http://qs321.pair.com?node_id=790258

hnd has asked for the wisdom of the Perl Monks concerning the following question:

i was skimming through the camel book (just revising the long forgotten things) when something struck me.....
i made a small program that creates a reference to a scalar and a hash like this
use strict; use warnings; my $scalar_ref=*foo{SCALAR}; print "scalar ref defined\n" if defined $scalar_ref; #------------------------# my hash_ref=*foo{HASH}; print "hash ref defined\n" if defined hash_ref; __END__ output scalar ref defined
the output is right in this case as the compiler need not see a scalar to create a reference but it needs to see a hash to create a reference.... so for this i did
use strict; use warnings; my $scalar_ref=*foo{SCALAR}; print "scalar ref defined\n" if defined $scalar_ref; #------------------------# my %hash=(); my hash_ref=*hash{HASH}; print "hash ref defined\n" if defined hash_ref; __END__ output Name "main::foo" used only once: possible typo at ref.pl Name "main::hash" used only once: possible typo at ref.pl scalar defined
now the problem is... the compiler sees that we do hv a hash existing then too the statement hash ref defined doesnt crop up..... why is that????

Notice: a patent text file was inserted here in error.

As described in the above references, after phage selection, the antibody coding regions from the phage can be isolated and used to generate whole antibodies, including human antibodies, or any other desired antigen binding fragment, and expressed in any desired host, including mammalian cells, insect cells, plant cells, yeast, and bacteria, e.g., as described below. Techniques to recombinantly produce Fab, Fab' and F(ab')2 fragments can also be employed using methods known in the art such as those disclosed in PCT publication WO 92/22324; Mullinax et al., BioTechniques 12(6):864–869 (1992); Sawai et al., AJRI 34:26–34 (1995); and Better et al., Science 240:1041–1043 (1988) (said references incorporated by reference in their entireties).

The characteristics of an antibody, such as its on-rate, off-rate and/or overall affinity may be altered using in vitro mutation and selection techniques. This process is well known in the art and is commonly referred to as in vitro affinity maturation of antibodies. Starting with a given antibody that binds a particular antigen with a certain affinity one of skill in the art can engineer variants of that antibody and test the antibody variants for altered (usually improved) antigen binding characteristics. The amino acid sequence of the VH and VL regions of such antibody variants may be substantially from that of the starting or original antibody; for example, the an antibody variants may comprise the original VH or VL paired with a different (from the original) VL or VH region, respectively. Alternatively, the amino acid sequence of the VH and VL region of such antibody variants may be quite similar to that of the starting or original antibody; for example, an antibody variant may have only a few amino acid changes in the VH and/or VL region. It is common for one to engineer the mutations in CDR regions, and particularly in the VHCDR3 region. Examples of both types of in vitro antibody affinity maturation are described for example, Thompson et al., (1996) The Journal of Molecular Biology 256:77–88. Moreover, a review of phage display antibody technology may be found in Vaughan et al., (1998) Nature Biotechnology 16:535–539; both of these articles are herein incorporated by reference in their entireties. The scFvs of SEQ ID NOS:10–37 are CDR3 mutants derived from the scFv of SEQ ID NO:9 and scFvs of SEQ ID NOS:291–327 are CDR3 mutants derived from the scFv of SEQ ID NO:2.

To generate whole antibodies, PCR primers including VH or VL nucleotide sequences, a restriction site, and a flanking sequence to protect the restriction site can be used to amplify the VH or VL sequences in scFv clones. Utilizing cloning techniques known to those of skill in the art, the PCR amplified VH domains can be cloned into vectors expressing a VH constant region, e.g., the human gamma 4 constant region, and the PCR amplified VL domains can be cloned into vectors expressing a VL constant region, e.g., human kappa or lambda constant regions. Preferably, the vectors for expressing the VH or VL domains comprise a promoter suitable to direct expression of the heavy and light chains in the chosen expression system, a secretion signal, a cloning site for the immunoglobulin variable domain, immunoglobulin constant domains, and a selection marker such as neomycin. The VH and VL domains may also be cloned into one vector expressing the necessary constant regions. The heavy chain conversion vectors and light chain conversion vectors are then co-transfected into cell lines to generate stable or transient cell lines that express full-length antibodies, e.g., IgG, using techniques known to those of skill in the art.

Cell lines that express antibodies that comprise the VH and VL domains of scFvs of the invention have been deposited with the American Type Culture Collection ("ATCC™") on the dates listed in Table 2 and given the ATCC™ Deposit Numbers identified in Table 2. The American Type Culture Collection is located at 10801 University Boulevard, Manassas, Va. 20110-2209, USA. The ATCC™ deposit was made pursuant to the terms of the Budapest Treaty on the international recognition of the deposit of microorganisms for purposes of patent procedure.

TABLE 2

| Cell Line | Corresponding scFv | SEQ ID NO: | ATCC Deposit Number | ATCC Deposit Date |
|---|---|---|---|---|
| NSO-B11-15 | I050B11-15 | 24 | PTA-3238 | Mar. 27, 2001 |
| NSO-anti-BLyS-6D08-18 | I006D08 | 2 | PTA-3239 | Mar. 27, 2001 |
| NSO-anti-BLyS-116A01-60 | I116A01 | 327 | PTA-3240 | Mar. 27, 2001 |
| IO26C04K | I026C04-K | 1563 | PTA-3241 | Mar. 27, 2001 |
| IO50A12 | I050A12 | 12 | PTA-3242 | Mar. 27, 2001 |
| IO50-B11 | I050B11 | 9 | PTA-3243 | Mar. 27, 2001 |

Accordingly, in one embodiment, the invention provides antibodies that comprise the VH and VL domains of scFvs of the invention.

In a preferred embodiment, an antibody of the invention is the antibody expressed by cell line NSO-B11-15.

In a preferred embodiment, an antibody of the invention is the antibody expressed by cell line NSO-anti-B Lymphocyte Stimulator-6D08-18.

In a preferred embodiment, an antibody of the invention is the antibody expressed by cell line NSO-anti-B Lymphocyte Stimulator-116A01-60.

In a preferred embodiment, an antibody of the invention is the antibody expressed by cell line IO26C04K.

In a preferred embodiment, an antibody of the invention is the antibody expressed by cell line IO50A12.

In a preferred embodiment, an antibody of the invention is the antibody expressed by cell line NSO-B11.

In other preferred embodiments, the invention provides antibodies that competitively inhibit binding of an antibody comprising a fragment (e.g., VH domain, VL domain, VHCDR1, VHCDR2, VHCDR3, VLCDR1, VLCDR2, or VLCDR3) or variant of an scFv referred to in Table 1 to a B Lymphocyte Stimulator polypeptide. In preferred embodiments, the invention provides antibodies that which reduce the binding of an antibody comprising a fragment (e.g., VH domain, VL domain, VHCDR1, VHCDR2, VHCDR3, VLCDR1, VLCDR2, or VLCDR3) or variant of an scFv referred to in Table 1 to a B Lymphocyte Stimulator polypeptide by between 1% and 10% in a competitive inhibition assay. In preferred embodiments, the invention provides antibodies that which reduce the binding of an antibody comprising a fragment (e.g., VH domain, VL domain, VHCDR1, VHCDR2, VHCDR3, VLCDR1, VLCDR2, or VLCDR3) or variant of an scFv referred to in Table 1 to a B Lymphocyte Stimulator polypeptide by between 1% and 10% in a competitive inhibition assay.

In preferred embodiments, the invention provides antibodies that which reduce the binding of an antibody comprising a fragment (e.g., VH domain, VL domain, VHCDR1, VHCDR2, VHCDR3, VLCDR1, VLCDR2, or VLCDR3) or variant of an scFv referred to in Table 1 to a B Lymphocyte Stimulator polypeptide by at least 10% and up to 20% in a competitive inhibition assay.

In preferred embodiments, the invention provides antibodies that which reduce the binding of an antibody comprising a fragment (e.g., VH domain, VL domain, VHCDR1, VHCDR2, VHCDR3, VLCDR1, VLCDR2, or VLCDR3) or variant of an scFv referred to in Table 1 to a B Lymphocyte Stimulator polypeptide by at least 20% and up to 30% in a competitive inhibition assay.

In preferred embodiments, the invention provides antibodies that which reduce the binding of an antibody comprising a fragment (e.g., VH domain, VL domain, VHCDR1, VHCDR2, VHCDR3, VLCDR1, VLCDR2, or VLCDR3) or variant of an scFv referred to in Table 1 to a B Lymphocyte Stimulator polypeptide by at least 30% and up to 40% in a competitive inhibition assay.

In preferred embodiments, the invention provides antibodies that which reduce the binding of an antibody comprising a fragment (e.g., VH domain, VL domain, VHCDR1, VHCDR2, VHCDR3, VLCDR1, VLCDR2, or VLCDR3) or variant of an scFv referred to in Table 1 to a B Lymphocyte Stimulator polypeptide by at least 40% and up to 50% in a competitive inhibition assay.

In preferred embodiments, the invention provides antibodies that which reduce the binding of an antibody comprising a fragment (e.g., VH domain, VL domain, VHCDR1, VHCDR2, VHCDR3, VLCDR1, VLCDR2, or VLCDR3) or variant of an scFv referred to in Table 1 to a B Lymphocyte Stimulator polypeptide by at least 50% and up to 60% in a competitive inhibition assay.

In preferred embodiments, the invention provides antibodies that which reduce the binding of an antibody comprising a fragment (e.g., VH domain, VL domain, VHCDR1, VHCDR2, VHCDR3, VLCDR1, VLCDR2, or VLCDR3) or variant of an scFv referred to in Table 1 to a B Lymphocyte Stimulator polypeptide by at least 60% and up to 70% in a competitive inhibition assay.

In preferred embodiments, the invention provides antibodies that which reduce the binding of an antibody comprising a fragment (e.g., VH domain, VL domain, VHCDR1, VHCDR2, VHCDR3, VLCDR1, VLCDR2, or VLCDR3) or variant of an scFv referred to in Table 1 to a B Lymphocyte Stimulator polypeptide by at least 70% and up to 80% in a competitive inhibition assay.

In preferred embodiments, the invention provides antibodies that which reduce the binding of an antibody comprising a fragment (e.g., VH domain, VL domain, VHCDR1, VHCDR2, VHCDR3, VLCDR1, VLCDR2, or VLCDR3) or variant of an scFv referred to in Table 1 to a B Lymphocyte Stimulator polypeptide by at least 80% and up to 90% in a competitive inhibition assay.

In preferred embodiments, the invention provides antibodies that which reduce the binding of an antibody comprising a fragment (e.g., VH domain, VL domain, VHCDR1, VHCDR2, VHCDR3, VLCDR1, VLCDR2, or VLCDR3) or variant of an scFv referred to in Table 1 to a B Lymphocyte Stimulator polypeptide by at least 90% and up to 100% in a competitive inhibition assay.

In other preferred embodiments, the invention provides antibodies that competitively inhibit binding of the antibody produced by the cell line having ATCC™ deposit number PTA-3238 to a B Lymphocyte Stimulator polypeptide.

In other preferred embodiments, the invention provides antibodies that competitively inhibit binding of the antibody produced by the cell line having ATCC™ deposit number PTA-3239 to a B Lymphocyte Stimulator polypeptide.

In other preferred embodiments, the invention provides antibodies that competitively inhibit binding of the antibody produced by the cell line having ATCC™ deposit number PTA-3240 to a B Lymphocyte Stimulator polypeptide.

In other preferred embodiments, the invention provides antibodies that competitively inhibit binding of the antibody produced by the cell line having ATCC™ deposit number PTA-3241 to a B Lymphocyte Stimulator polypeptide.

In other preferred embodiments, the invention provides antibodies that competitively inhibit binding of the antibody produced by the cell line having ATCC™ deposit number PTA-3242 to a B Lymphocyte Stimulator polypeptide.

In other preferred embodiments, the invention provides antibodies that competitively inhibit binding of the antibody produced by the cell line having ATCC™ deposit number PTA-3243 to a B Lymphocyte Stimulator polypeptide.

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i'am worst at what do best and for this gift i fell blessed...
i found it hard it's hard to find well whatever
NEVERMIND

Replies are listed 'Best First'.
Re: creating references
by BioLion (Curate) on Aug 21, 2009 at 08:38 UTC

    Using diagnostics for more verbose warnings should make things more clear:

    The key part explaing the difference in ouput for your two scripts is :

    NOTE: This warning detects symbols that have been used only once so $c, @c, %c, *c, &c, sub c{}, c(), and c (the filehandle or format) are considered the same; if a program uses $c only once but also uses any of the others it will not trigger this warning.

    There is also a good discussion of a similar problem in "main::Objects" used only once: possible typo. HTH.

    Just a something something...
Re: creating references
by ikegami (Patriarch) on Aug 22, 2009 at 04:05 UTC

    *foo is a typeglob, or glob for short. It is the part of the symbol table that holds the variables associated with a name. Since the symbol table contains the package variables, the variables a glob contains are package variables (often called global variables). my creates lexical variables. They're stored in the current function's pad, not the symbol table.

Re: creating references
by AnomalousMonk (Bishop) on Aug 21, 2009 at 17:13 UTC

    Note also that you are creating a lexical variable with the  my %hash=(); statement, and the  *foo{THING} syntax applies only to package variables; you get the '... "main::hash" used only once ...' message because there is no  %hash package hash variable in existence.

      thnx....
      =====================================================
      i'am worst at what do best and for this gift i fell blessed...
      i found it hard it's hard to find well whatever
      NEVERMIND